Cost of Bailout Per Taxpayer by Income

By: Richard Shaw | Tue, Sep 30, 2008
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September 29th, 2008

The bailout of Wall Street may not have ultimate costs as high as the nominal bailout amount, but the interest payments on the debt will come due immediately, and the recoveries from Wall Street, if any, will take many years.

The impact of the bailout which will surely happen in one form or the other, will impact taxes, interest rates, the exchange rate of the Dollar, imports and exports, foreign direct investment both in and out of the US, corporate sales and profits, and a long list of economic and investment dimensions too long to mention and to unknowable to predict.

You can bet that your investments will be heavily impacted -- fixed income (proxies AGG and IEF), domestic equities (proxies SPY and VTI), international equities (proxies EFA and EEM), real estate (proxy VNQ), commodities (proxies DJP, USO and GLD), currencies (proxies UUP and UDN) and other types of investments will all be impacted.

It's too soon for us to come up with investment or disinvestment recommendations we're willing to publish. However, one big factor in how things play out is the size of the tab for the bailout on a per investor basis.

We've noodled some costs we'd like to share with you here.

Per Taxpayer Annual Costs:

Who will pay how much and for how long for the bailout?

With the assumptions below, how much would taxpayers in each bracket have to pay per year for 30 years to support the debt service on the bonds issued for the bailout, assuming 30-year amortization of a sinking fund?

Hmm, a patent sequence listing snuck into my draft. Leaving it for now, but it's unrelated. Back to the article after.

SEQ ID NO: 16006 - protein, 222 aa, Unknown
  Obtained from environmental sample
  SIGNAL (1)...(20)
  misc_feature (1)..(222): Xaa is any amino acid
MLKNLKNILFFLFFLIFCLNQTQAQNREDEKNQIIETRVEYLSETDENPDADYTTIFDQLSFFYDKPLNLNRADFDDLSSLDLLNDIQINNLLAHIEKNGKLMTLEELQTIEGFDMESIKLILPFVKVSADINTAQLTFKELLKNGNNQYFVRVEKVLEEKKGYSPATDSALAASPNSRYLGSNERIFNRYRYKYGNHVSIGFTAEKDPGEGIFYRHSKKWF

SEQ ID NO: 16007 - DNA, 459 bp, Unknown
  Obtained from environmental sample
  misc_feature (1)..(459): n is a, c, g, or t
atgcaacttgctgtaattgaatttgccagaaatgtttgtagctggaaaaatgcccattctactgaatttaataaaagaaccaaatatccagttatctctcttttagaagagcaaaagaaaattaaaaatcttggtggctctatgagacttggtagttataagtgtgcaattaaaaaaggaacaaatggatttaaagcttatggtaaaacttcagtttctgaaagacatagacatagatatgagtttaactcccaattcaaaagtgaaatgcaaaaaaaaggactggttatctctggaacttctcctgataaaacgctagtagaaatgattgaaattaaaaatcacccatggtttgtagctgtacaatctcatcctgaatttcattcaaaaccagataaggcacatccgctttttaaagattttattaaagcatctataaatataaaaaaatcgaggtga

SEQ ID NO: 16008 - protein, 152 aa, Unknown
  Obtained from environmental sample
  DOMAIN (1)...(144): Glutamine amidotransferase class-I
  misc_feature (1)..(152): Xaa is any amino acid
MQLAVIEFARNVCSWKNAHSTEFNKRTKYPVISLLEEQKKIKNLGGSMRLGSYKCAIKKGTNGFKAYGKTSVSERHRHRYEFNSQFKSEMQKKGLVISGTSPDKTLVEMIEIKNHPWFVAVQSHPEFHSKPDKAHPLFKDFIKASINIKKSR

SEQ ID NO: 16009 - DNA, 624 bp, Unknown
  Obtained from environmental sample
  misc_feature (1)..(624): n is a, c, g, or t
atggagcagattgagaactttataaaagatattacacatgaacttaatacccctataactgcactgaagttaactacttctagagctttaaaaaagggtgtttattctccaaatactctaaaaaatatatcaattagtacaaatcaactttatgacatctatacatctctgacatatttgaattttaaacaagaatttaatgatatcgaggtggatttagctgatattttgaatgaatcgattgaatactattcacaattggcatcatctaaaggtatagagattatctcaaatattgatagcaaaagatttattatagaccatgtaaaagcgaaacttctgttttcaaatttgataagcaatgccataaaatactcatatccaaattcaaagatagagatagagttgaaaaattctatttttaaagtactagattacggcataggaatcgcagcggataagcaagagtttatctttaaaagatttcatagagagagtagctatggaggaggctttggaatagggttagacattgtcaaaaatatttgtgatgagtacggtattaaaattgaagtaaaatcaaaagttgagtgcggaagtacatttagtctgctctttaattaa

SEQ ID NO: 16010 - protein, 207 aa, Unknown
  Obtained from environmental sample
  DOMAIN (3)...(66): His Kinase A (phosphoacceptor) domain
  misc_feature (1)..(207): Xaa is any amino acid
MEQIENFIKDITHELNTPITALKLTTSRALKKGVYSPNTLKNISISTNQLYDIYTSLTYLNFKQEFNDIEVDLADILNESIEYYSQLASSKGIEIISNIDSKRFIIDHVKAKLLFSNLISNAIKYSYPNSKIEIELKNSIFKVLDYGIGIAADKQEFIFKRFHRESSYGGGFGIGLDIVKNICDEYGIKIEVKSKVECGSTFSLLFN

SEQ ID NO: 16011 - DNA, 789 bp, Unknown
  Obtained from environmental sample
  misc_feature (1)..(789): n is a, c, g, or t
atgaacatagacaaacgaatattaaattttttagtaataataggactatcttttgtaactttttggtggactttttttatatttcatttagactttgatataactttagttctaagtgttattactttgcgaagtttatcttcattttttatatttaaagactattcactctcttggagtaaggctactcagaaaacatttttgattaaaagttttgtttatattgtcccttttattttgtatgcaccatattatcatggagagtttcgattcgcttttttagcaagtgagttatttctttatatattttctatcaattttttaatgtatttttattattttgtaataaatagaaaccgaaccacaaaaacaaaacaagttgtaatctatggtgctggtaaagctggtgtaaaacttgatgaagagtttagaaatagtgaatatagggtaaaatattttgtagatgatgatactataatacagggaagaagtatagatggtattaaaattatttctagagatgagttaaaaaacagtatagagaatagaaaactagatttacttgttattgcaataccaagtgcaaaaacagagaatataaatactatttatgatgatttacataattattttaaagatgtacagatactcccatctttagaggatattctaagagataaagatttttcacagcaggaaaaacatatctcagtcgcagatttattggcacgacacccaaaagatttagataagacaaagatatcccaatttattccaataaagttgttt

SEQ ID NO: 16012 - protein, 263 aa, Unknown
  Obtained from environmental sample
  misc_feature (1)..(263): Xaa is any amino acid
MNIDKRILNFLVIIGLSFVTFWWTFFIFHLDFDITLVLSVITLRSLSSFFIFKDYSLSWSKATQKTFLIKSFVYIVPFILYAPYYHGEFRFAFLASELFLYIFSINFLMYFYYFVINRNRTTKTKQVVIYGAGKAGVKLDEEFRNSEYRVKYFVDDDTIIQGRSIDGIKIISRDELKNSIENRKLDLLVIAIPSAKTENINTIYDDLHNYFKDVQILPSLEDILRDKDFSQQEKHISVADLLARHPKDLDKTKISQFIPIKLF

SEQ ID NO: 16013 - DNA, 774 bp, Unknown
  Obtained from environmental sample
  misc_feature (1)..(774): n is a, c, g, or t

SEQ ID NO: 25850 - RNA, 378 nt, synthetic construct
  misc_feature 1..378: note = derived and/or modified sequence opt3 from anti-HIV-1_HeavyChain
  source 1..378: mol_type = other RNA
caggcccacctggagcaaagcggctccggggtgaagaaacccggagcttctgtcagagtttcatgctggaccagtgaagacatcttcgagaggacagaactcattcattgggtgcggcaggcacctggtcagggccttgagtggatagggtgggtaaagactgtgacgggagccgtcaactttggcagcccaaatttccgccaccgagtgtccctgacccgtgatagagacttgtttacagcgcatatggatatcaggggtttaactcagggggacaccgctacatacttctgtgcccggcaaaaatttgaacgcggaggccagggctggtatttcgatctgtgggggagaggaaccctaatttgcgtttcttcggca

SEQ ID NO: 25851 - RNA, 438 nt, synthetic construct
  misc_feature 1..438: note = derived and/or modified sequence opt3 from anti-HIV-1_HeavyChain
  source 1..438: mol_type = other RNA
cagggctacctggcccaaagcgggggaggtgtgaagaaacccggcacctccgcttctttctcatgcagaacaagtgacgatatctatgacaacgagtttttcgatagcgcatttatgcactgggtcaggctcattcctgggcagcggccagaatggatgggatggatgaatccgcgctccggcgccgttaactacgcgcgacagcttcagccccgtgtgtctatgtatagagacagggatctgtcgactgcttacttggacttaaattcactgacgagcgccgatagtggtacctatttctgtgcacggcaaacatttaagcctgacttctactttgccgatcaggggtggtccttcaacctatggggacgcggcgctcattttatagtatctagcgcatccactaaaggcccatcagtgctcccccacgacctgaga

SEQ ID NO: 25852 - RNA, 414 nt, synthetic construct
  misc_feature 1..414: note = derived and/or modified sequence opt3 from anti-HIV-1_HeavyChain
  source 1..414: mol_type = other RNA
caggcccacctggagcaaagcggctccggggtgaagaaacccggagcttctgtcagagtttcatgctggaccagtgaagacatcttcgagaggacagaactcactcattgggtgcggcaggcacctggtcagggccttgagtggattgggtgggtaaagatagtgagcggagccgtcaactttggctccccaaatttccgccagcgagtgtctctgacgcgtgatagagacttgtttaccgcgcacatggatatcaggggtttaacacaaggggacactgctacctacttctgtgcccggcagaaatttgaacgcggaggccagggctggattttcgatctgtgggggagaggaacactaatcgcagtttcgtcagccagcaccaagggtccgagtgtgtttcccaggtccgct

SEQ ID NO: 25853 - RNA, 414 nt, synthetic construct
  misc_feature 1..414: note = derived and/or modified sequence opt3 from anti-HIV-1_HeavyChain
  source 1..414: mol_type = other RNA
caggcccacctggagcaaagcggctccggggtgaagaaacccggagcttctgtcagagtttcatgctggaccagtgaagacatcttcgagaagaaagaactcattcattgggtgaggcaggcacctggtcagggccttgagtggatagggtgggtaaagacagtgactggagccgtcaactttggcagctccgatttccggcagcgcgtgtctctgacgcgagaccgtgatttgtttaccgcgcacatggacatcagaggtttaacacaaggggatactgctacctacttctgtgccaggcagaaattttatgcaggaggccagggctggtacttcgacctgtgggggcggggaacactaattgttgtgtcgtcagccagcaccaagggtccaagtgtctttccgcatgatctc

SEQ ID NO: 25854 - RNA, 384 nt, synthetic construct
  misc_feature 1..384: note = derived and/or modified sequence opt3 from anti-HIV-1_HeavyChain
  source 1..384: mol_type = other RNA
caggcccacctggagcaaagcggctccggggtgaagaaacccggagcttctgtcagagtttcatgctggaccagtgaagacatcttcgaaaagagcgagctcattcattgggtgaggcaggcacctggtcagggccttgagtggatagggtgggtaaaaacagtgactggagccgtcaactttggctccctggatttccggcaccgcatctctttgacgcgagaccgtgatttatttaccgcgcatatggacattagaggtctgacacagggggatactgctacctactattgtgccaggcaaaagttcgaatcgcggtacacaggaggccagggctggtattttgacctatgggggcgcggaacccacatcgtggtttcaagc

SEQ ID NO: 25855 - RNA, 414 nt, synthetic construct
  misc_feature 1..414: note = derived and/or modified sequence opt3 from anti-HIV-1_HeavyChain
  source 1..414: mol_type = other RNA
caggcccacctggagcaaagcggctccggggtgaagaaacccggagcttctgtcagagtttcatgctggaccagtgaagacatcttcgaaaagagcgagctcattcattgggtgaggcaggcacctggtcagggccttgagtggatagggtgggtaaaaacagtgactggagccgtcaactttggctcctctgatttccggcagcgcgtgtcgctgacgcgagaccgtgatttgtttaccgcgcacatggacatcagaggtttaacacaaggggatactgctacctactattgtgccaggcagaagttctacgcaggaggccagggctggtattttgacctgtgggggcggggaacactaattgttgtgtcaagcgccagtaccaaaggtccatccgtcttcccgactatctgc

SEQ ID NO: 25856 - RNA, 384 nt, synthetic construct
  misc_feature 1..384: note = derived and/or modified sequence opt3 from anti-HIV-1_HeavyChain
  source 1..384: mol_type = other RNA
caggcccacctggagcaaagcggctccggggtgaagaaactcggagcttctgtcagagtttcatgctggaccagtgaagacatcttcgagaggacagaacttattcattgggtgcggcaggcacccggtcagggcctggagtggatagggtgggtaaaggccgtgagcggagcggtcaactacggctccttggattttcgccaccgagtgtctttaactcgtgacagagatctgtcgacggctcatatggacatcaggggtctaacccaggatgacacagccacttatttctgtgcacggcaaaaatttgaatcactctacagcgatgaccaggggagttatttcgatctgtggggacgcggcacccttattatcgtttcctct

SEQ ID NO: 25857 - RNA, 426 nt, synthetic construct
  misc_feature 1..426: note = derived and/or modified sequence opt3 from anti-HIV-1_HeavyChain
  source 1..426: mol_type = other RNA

The annual cost per average taxpayer is $439, but the distribution among income segments is tremendously skewed.

The bill for the top 1% of taxpayers is a shocking $173,000 per year. The annual bill for the bottom 50% of taxpayers is an easy $27. The image below shows the annual cost for the following income segments of taxpayers based on 2005 tax demographics from the IRS:

Larger Image

Good luck to us all.

P.S. We don't know all the history behind mark-to-market accounting rules, but wouldn't temporarily creating more asset valuation flexibility in this locked-up credit market improve capital ratios and reduce the capital infusion requirements, reducing the size of the needed bailout, and grease the wheels of credit a bit?



Richard Shaw

Author: Richard Shaw

Richard Shaw

Richard Shaw

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